Some Dutch verbs have a complex structure, e.g.: oversteken, voorstellen, plaatsvinden, aankomen. Verbs which are structured like this are called separable verbs, because the first element, the so-called prefix, can be separated from the verb. The prefix of each of these verbs (over-, af-, plaats- and aan-) are also words in their own right (mainly prepositions or adverbs but also nouns or adjectives).
In these verbs the prefix carries the main stress. In the infinitive these stressed prefixes are joined to the verbs, but in their finite forms (the conjugated form of the verb) they are separated from the verb and occur towards the end of the sentence, usually in the final but sometimes in the penultimate position.
Look at the examples below. In each first sentence the infinitive of the separable verb appears (so the verb is not separated). In each second sentence the prefix has been separated from the verb and appears in final or penultimate position.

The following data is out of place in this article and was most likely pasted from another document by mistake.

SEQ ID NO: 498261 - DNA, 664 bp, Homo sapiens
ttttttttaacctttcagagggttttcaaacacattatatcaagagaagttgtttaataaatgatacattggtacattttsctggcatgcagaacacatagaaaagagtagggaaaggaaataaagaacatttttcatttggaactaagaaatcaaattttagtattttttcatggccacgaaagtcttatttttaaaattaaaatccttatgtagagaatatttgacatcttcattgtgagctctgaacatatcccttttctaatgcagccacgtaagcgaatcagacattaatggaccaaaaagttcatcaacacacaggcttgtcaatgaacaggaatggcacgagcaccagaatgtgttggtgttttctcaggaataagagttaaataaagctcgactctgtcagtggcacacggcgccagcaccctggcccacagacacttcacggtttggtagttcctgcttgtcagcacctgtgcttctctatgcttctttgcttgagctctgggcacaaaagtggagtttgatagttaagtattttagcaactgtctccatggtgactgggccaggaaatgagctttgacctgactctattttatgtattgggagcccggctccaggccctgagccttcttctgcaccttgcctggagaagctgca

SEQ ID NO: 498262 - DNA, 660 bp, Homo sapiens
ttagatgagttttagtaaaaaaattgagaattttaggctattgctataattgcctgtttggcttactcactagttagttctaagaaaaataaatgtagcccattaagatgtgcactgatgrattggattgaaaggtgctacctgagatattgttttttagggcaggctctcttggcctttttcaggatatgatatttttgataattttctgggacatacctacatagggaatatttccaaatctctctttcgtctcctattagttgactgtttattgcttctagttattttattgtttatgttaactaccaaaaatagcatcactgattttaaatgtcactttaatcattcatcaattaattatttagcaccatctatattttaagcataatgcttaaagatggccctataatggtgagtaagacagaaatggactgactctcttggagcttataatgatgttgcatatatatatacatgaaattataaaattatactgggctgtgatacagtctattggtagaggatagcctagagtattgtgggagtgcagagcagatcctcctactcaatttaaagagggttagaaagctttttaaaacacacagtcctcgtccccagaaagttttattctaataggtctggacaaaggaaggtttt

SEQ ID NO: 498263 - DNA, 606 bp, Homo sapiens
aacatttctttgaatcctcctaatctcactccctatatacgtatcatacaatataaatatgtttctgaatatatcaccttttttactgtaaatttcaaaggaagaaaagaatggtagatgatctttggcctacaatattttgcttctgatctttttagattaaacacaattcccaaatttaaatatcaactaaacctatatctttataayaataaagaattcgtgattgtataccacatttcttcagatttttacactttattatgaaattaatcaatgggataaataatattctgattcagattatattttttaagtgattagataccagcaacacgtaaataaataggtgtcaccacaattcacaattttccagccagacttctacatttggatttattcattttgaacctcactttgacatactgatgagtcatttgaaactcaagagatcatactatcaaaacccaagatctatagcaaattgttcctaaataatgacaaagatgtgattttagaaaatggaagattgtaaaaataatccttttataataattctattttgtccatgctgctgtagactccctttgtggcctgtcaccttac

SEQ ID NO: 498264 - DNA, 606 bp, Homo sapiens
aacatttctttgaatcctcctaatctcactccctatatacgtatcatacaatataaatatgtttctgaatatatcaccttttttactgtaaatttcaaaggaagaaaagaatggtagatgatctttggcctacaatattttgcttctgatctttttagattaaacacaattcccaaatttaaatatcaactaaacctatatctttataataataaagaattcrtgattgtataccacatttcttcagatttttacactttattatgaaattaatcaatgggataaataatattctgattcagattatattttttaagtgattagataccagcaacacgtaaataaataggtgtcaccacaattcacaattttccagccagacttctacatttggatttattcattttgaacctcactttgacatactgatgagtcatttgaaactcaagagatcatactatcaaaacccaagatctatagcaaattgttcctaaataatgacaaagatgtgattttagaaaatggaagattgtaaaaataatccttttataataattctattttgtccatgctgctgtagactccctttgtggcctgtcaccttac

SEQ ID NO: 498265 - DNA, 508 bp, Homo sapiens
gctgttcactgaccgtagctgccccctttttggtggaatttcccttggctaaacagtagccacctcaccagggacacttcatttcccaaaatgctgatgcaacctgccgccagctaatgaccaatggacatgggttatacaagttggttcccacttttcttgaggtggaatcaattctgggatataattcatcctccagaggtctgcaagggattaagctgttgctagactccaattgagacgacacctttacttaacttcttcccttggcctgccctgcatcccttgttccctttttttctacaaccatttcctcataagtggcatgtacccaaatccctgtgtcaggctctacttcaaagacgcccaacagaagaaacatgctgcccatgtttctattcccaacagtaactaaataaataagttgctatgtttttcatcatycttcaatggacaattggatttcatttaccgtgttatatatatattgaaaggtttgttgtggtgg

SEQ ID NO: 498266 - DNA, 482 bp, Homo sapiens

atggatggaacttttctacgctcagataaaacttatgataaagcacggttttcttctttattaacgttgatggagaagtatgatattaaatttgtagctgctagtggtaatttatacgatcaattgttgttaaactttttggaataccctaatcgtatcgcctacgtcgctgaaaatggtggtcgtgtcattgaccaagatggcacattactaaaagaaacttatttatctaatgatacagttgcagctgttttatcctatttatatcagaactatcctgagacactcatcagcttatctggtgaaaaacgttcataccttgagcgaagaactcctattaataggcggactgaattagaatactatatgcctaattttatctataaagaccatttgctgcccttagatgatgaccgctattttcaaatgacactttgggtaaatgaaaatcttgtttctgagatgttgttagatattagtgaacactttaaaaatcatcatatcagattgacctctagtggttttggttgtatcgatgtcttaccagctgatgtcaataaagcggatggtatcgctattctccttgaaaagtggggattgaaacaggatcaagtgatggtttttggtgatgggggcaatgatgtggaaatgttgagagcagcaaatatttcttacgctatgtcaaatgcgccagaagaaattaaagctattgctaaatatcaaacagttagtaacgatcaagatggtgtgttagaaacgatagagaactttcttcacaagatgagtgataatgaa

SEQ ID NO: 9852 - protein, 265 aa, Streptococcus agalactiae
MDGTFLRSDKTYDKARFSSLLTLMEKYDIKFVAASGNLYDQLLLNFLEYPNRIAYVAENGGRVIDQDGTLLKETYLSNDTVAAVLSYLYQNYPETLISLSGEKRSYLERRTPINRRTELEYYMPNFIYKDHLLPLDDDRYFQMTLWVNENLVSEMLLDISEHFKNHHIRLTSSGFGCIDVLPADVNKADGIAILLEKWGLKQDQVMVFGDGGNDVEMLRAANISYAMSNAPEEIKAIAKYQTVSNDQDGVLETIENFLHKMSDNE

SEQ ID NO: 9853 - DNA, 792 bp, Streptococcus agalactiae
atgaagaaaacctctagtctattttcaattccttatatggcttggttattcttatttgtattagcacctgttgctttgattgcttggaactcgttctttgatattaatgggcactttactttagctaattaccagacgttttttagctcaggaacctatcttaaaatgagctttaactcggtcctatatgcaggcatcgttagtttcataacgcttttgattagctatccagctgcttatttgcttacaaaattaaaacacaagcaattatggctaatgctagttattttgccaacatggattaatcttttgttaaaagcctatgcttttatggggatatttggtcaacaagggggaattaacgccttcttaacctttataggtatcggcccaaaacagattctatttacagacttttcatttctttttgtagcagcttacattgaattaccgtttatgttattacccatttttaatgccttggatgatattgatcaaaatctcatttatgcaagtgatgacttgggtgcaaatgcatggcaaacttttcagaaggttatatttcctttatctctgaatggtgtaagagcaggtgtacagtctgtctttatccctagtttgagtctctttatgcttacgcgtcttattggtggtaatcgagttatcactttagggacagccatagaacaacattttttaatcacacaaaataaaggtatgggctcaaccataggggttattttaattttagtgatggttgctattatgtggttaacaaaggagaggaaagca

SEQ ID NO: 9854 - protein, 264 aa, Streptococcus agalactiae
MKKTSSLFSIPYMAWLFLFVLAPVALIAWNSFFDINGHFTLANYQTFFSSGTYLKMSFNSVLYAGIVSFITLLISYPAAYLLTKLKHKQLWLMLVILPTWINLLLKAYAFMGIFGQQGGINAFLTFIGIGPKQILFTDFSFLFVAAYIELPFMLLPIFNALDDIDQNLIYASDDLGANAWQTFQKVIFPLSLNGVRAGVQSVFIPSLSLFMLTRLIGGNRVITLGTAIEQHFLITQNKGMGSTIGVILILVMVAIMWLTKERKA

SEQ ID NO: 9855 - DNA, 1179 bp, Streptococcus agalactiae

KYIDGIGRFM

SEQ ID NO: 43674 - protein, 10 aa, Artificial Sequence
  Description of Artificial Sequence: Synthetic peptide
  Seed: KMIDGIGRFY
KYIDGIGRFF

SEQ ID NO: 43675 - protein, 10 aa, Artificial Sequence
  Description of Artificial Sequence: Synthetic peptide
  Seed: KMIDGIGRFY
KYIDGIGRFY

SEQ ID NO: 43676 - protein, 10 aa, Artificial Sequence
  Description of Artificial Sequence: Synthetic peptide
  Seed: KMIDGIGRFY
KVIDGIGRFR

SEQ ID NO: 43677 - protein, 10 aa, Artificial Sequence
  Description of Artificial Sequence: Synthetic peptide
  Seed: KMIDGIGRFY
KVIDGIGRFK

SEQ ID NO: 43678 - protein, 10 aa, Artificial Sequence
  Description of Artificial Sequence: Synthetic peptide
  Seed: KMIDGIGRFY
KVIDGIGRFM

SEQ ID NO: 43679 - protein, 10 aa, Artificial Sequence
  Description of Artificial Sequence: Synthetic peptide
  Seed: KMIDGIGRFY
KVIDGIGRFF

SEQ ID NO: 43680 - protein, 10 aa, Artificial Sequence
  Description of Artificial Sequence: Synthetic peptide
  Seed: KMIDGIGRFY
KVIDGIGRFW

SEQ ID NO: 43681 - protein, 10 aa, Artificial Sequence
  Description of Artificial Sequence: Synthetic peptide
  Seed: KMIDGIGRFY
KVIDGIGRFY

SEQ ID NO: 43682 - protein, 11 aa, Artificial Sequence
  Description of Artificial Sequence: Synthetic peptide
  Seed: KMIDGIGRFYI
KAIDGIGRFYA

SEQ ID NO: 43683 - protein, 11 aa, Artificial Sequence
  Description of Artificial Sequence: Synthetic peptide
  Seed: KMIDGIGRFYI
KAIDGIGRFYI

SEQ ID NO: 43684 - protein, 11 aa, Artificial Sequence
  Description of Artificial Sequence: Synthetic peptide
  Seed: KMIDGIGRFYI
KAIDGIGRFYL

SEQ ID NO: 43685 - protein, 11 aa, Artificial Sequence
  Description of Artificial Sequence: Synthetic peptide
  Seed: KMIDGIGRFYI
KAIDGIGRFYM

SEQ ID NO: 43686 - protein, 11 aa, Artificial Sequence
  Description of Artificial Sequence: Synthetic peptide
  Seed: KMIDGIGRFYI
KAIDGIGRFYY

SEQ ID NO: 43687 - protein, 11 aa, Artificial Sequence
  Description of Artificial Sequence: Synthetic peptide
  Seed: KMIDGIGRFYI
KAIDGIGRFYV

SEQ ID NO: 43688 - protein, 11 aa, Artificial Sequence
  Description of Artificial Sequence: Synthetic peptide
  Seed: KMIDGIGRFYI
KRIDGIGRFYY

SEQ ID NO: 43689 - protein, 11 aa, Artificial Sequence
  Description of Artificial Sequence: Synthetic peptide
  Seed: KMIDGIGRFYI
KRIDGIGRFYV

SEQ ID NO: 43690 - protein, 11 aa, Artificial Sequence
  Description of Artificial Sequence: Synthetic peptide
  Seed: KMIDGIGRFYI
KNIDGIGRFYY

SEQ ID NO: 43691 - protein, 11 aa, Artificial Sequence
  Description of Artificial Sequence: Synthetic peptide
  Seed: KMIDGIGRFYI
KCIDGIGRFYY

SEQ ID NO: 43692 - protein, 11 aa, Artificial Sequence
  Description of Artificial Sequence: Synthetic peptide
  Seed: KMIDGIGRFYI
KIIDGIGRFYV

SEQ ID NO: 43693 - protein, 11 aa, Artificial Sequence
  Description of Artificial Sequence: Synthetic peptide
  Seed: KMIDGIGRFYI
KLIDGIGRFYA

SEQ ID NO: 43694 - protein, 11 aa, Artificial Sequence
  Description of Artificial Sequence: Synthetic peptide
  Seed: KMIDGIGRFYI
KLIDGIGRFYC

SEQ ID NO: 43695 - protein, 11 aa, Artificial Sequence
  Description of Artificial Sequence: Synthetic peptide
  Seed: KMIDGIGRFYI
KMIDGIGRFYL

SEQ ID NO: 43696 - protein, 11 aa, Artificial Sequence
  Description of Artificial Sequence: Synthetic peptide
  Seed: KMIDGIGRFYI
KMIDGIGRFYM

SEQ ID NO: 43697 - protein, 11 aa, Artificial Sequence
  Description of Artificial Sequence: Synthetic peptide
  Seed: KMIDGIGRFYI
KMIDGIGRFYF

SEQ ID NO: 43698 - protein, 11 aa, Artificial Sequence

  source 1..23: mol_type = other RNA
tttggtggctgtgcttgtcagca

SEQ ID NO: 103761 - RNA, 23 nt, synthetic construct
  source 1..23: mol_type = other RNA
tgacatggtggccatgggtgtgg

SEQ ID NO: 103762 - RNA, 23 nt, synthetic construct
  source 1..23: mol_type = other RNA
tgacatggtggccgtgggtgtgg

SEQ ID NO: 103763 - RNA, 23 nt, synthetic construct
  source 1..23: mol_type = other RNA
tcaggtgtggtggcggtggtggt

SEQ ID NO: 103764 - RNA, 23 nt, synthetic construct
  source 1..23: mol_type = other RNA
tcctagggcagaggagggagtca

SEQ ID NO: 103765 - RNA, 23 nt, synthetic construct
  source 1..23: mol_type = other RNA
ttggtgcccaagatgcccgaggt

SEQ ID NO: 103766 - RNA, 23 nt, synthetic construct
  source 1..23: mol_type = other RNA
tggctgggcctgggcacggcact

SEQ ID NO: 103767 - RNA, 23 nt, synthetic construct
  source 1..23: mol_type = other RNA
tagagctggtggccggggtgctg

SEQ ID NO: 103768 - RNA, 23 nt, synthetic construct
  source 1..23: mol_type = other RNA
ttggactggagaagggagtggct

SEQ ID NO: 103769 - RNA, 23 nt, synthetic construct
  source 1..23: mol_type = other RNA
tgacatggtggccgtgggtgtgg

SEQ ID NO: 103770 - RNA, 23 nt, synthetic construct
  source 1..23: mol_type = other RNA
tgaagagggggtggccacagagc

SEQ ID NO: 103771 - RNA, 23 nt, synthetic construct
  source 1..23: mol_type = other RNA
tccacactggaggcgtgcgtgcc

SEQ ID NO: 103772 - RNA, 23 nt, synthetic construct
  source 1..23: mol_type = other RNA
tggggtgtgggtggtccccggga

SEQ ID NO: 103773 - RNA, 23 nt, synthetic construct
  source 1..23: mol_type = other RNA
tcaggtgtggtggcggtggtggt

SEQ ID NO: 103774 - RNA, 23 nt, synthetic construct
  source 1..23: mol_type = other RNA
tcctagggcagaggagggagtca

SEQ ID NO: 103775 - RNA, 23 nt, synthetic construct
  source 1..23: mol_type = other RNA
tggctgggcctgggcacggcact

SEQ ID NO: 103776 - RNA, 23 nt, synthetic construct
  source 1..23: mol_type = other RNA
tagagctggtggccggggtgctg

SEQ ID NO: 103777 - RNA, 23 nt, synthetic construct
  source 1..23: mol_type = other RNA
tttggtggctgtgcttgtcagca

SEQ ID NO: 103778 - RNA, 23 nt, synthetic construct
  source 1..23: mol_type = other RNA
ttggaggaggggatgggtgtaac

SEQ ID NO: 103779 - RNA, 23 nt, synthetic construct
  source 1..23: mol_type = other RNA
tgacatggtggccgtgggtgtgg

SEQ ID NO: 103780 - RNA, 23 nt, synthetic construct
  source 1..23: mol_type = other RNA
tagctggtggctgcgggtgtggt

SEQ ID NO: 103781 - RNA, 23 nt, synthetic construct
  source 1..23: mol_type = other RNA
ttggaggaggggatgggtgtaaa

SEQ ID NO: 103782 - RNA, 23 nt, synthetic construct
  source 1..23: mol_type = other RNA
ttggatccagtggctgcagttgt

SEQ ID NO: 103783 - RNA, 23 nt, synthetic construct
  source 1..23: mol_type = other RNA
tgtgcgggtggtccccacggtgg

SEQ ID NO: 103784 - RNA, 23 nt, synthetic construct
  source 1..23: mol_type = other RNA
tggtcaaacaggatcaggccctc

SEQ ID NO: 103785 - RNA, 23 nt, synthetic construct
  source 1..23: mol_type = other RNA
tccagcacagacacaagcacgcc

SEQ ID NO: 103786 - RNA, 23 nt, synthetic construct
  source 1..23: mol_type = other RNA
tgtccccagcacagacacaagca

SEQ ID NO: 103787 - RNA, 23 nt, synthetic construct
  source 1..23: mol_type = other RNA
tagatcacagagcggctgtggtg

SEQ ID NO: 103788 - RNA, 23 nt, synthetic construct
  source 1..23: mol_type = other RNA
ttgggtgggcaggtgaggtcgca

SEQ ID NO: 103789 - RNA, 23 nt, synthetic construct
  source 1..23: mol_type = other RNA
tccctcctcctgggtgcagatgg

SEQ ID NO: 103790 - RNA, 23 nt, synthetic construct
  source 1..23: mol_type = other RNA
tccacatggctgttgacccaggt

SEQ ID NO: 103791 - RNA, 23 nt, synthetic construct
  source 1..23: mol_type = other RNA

Note that in the formation of the past participle, the prefix and the verb become one word again; -ge- is inserted between the prefix and the verb. Something similar happens in subclauses, where the finite verb moves to the end of the subclause and blends with the separable prefix (see Sentence structure). This is illustrated below.
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